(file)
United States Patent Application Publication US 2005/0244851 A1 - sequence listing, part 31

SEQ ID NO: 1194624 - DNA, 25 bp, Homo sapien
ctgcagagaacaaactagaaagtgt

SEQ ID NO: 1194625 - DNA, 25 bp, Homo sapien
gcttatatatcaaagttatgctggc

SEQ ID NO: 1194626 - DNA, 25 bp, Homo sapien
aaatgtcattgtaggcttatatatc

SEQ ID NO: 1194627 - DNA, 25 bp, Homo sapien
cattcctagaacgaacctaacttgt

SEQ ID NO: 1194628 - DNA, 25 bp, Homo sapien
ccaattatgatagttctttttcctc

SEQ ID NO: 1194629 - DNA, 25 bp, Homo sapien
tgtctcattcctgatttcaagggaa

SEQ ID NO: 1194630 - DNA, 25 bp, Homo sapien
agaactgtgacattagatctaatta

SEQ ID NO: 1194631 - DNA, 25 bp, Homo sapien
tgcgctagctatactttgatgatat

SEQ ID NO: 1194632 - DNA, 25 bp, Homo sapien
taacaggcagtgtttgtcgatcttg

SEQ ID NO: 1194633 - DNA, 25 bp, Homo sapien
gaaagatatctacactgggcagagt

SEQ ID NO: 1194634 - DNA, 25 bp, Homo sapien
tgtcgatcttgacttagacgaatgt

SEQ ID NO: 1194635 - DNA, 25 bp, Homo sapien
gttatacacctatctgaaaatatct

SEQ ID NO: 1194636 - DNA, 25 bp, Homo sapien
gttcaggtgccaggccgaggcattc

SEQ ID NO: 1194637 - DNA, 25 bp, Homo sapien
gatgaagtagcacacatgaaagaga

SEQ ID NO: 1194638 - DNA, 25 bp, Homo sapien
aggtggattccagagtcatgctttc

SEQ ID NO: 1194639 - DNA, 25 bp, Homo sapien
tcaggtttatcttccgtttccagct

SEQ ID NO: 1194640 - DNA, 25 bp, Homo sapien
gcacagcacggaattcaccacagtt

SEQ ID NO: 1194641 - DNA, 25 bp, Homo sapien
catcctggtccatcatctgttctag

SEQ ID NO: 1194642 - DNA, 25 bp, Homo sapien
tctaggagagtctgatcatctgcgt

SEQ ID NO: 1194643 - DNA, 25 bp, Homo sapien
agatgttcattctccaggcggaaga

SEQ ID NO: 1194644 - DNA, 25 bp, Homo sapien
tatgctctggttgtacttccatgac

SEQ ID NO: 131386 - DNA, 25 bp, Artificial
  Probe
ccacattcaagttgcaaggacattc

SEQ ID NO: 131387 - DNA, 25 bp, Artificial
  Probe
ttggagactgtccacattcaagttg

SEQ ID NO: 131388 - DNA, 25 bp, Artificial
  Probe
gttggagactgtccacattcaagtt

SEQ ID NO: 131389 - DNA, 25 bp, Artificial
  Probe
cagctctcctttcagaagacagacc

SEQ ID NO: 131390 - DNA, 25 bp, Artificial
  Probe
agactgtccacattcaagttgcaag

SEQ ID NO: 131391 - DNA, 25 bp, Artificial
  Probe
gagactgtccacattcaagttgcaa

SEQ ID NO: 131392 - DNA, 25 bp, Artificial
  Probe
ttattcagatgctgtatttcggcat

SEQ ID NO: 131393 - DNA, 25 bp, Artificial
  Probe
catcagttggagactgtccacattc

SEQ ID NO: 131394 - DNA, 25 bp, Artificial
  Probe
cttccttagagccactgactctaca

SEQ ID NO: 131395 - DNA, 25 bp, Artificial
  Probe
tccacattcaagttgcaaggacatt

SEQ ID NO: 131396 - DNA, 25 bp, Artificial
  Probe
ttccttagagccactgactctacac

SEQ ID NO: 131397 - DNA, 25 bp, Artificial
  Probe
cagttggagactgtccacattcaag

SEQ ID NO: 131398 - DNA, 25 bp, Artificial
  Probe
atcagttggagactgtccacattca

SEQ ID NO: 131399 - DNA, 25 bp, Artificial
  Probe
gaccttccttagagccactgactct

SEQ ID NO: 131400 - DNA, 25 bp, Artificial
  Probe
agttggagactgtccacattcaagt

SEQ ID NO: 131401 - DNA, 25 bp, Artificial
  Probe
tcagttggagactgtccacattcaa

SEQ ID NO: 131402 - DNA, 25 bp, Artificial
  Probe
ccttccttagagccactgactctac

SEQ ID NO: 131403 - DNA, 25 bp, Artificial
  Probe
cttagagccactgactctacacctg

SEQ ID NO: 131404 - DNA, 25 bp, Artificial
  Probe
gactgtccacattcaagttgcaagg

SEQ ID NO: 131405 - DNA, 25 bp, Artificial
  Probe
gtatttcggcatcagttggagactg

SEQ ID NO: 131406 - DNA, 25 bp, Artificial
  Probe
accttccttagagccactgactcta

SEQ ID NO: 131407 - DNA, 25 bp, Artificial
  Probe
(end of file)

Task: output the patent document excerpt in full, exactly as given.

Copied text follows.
United States Patent Application Publication US 2005/0244851 A1 - sequence listing, part 31

SEQ ID NO: 1194624 - DNA, 25 bp, Homo sapien
ctgcagagaacaaactagaaagtgt

SEQ ID NO: 1194625 - DNA, 25 bp, Homo sapien
gcttatatatcaaagttatgctggc

SEQ ID NO: 1194626 - DNA, 25 bp, Homo sapien
aaatgtcattgtaggcttatatatc

SEQ ID NO: 1194627 - DNA, 25 bp, Homo sapien
cattcctagaacgaacctaacttgt

SEQ ID NO: 1194628 - DNA, 25 bp, Homo sapien
ccaattatgatagttctttttcctc

SEQ ID NO: 1194629 - DNA, 25 bp, Homo sapien
tgtctcattcctgatttcaagggaa

SEQ ID NO: 1194630 - DNA, 25 bp, Homo sapien
agaactgtgacattagatctaatta

SEQ ID NO: 1194631 - DNA, 25 bp, Homo sapien
tgcgctagctatactttgatgatat

SEQ ID NO: 1194632 - DNA, 25 bp, Homo sapien
taacaggcagtgtttgtcgatcttg

SEQ ID NO: 1194633 - DNA, 25 bp, Homo sapien
gaaagatatctacactgggcagagt

SEQ ID NO: 1194634 - DNA, 25 bp, Homo sapien
tgtcgatcttgacttagacgaatgt

SEQ ID NO: 1194635 - DNA, 25 bp, Homo sapien
gttatacacctatctgaaaatatct

SEQ ID NO: 1194636 - DNA, 25 bp, Homo sapien
gttcaggtgccaggccgaggcattc

SEQ ID NO: 1194637 - DNA, 25 bp, Homo sapien
gatgaagtagcacacatgaaagaga

SEQ ID NO: 1194638 - DNA, 25 bp, Homo sapien
aggtggattccagagtcatgctttc

SEQ ID NO: 1194639 - DNA, 25 bp, Homo sapien
tcaggtttatcttccgtttccagct

SEQ ID NO: 1194640 - DNA, 25 bp, Homo sapien
gcacagcacggaattcaccacagtt

SEQ ID NO: 1194641 - DNA, 25 bp, Homo sapien
catcctggtccatcatctgttctag

SEQ ID NO: 1194642 - DNA, 25 bp, Homo sapien
tctaggagagtctgatcatctgcgt

SEQ ID NO: 1194643 - DNA, 25 bp, Homo sapien
agatgttcattctccaggcggaaga

SEQ ID NO: 1194644 - DNA, 25 bp, Homo sapien
tatgctctggttgtacttccatgac

SEQ ID NO: 131386 - DNA, 25 bp, Artificial
  Probe
ccacattcaagttgcaaggacattc

SEQ ID NO: 131387 - DNA, 25 bp, Artificial
  Probe
ttggagactgtccacattcaagttg

SEQ ID NO: 131388 - DNA, 25 bp, Artificial
  Probe
gttggagactgtccacattcaagtt

SEQ ID NO: 131389 - DNA, 25 bp, Artificial
  Probe
cagctctcctttcagaagacagacc

SEQ ID NO: 131390 - DNA, 25 bp, Artificial
  Probe
agactgtccacattcaagttgcaag

SEQ ID NO: 131391 - DNA, 25 bp, Artificial
  Probe
gagactgtccacattcaagttgcaa

SEQ ID NO: 131392 - DNA, 25 bp, Artificial
  Probe
ttattcagatgctgtatttcggcat

SEQ ID NO: 131393 - DNA, 25 bp, Artificial
  Probe
catcagttggagactgtccacattc

SEQ ID NO: 131394 - DNA, 25 bp, Artificial
  Probe
cttccttagagccactgactctaca

SEQ ID NO: 131395 - DNA, 25 bp, Artificial
  Probe
tccacattcaagttgcaaggacatt

SEQ ID NO: 131396 - DNA, 25 bp, Artificial
  Probe
ttccttagagccactgactctacac

SEQ ID NO: 131397 - DNA, 25 bp, Artificial
  Probe
cagttggagactgtccacattcaag

SEQ ID NO: 131398 - DNA, 25 bp, Artificial
  Probe
atcagttggagactgtccacattca

SEQ ID NO: 131399 - DNA, 25 bp, Artificial
  Probe
gaccttccttagagccactgactct

SEQ ID NO: 131400 - DNA, 25 bp, Artificial
  Probe
agttggagactgtccacattcaagt

SEQ ID NO: 131401 - DNA, 25 bp, Artificial
  Probe
tcagttggagactgtccacattcaa

SEQ ID NO: 131402 - DNA, 25 bp, Artificial
  Probe
ccttccttagagccactgactctac

SEQ ID NO: 131403 - DNA, 25 bp, Artificial
  Probe
cttagagccactgactctacacctg

SEQ ID NO: 131404 - DNA, 25 bp, Artificial
  Probe
gactgtccacattcaagttgcaagg

SEQ ID NO: 131405 - DNA, 25 bp, Artificial
  Probe
gtatttcggcatcagttggagactg

SEQ ID NO: 131406 - DNA, 25 bp, Artificial
  Probe
accttccttagagccactgactcta

SEQ ID NO: 131407 - DNA, 25 bp, Artificial
  Probe